Political Science is the systematic study of government, politics and political behaviour. It studies how a society governs itself at all levels and various ideas about how it should be governed in the future.
As a political science student you will study how political conflict is organized and resolved in the “real world.” You will look at how rulers are chosen, governmental decisions are taken and how decision-making processes are organized. You’ll learn how governments design and implement their laws and policies in Canada and abroad.
You will also consider how political leaders understand their obligations towards one another and how decisions are shaped by different views of “what’s right,” “what works” and “what’s possible” in different circumstances.
The Department of Political Science offers four sub-fields of study and encourages you to choose a variety of courses from each area to ensure you gain a broad view of the discipline. These are: Canadian Politics, Comparative Politics, International Relations, and Political Theory.
Minors | Adding a minor to your degree is a great way to explore academic interests beyond your major. A minor is a set of courses comprising a secondary focus of interest. It is generally not related to your major. A minor may be required or optional. Pursue a second passion by adding a minor to your degree.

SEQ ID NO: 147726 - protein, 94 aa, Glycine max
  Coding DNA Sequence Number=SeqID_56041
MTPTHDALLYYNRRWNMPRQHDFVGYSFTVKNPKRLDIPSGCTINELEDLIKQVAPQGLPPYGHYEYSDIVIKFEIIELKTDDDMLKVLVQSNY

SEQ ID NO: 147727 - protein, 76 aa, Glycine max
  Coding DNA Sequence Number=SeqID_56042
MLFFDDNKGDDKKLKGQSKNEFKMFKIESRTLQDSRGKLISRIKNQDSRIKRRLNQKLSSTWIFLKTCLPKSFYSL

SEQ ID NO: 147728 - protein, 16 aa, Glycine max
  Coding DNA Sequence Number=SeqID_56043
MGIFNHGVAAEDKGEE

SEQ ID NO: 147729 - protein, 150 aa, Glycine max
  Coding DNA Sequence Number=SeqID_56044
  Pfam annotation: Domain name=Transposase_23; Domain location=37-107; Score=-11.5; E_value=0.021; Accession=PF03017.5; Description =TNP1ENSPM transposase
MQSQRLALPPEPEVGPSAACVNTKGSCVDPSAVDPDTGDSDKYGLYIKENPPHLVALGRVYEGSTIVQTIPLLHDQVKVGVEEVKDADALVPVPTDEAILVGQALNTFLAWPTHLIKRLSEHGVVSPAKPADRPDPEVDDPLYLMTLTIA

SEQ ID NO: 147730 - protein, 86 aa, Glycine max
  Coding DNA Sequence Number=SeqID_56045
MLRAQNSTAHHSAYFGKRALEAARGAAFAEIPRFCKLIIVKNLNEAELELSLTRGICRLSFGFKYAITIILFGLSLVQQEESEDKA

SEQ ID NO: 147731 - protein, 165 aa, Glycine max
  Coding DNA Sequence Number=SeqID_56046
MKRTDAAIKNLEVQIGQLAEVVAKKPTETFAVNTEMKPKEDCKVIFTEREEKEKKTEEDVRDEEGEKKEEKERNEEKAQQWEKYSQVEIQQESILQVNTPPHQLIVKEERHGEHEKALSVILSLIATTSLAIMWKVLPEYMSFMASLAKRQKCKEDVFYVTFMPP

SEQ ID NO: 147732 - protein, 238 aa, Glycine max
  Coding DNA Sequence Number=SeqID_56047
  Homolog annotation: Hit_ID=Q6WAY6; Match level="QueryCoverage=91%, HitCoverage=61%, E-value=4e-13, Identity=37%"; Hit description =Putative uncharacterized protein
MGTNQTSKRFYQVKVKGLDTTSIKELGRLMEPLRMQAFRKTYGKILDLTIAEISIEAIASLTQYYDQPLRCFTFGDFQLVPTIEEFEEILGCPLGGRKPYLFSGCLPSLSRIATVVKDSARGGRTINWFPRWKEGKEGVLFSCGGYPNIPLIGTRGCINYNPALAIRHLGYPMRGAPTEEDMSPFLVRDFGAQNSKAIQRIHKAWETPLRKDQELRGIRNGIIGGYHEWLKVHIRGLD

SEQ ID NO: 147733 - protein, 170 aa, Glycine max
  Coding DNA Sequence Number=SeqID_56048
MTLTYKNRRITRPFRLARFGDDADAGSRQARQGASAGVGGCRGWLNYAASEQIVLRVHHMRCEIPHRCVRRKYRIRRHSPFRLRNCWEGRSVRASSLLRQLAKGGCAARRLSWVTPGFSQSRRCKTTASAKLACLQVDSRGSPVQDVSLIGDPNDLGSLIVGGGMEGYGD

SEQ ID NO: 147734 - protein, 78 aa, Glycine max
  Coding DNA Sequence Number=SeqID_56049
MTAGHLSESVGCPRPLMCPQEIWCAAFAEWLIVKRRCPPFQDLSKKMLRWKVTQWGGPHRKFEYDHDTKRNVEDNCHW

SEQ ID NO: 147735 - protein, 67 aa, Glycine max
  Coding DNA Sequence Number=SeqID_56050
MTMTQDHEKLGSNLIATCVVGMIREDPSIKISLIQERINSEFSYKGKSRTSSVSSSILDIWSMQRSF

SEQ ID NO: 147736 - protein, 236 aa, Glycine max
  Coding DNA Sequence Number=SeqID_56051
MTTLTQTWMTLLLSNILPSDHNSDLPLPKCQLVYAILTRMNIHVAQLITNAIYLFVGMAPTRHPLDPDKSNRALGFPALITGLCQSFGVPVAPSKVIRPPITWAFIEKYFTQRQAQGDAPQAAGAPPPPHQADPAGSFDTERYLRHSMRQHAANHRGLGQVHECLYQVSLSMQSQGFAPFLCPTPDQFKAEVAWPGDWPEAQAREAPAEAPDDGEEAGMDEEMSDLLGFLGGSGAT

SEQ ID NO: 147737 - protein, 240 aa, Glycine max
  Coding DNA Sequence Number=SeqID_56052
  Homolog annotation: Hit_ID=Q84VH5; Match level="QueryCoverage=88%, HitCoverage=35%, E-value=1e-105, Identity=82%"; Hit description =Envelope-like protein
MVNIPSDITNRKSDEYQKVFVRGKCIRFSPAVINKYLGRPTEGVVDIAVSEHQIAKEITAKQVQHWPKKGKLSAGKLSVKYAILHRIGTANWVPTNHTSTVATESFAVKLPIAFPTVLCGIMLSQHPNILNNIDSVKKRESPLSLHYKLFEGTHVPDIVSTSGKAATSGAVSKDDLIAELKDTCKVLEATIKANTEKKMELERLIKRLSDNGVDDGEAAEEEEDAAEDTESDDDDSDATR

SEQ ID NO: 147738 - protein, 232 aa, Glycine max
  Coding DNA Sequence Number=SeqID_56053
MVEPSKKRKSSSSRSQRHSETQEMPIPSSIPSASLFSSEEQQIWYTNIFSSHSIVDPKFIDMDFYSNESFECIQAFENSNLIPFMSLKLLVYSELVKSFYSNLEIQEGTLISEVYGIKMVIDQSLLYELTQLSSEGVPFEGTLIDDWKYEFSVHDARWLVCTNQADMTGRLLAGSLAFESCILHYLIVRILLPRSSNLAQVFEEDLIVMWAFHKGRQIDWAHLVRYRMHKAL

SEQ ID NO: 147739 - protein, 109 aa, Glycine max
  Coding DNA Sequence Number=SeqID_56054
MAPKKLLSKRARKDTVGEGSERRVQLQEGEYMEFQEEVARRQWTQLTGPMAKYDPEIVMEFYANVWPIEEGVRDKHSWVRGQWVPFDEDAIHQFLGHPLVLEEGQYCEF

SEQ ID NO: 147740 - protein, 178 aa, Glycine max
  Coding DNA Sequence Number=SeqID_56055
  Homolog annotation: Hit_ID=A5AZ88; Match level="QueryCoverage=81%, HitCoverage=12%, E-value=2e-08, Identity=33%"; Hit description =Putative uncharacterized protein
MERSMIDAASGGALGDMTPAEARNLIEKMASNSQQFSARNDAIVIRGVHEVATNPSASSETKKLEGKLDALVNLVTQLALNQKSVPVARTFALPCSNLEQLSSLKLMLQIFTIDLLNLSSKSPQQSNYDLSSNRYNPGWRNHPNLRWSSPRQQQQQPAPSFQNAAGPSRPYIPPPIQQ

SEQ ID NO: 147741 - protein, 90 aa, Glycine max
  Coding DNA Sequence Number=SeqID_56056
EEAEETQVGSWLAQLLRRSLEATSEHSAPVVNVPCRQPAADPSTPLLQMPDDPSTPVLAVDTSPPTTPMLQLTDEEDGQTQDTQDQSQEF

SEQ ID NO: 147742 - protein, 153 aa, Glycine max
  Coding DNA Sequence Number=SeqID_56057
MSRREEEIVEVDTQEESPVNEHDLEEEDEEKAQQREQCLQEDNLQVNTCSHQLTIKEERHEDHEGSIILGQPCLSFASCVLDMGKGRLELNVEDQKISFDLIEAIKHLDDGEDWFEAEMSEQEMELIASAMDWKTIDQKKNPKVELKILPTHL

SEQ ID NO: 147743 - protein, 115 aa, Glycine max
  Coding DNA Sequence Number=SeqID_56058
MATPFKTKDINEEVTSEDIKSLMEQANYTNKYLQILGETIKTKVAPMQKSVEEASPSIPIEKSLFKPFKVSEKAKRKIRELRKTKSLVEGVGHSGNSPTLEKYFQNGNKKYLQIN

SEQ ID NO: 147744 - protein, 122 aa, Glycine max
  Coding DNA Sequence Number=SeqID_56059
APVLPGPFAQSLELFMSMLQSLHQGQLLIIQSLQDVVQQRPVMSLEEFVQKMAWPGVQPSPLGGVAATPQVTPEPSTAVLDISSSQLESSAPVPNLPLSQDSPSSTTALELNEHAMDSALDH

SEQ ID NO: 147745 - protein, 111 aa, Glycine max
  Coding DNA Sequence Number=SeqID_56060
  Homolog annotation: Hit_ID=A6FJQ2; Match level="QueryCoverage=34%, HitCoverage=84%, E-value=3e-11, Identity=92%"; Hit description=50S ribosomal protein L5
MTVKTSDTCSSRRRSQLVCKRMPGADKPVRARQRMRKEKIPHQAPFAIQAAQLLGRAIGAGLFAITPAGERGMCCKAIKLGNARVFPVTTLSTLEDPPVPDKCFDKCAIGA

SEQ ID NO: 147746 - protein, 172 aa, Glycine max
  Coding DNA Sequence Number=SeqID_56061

Honours thesis | If your GPA is high enough in your fourth year, you can opt to complete an Undergraduate Thesis course. This is an excellent opportunity for you to earn an “Honours Thesis” designation on your degree.
Experience learning | Our students have a number of experiential learning opportunities available to them including co-operative education, international exchanges, independent and applied studies as well as volunteer opportunities. uLethbridge is the only university in Alberta to offer co-operative education to all majors in the arts & sciences, at both the undergrad and grad level. Transfer students can actually head out on their first work term before ever stepping foot on campus! For example, many transfer students have completed a summer work term before starting classes in September.
Skills acquired | Studying political science teaches you how to think critically and analytically. In this program, you will develop the skills needed to be able to look at real world social, economic and political problems using political science principles. You will also develop your written and oral communication skills, as well as strong information acquisition and management skills — all highly valued in any business, industry or government department.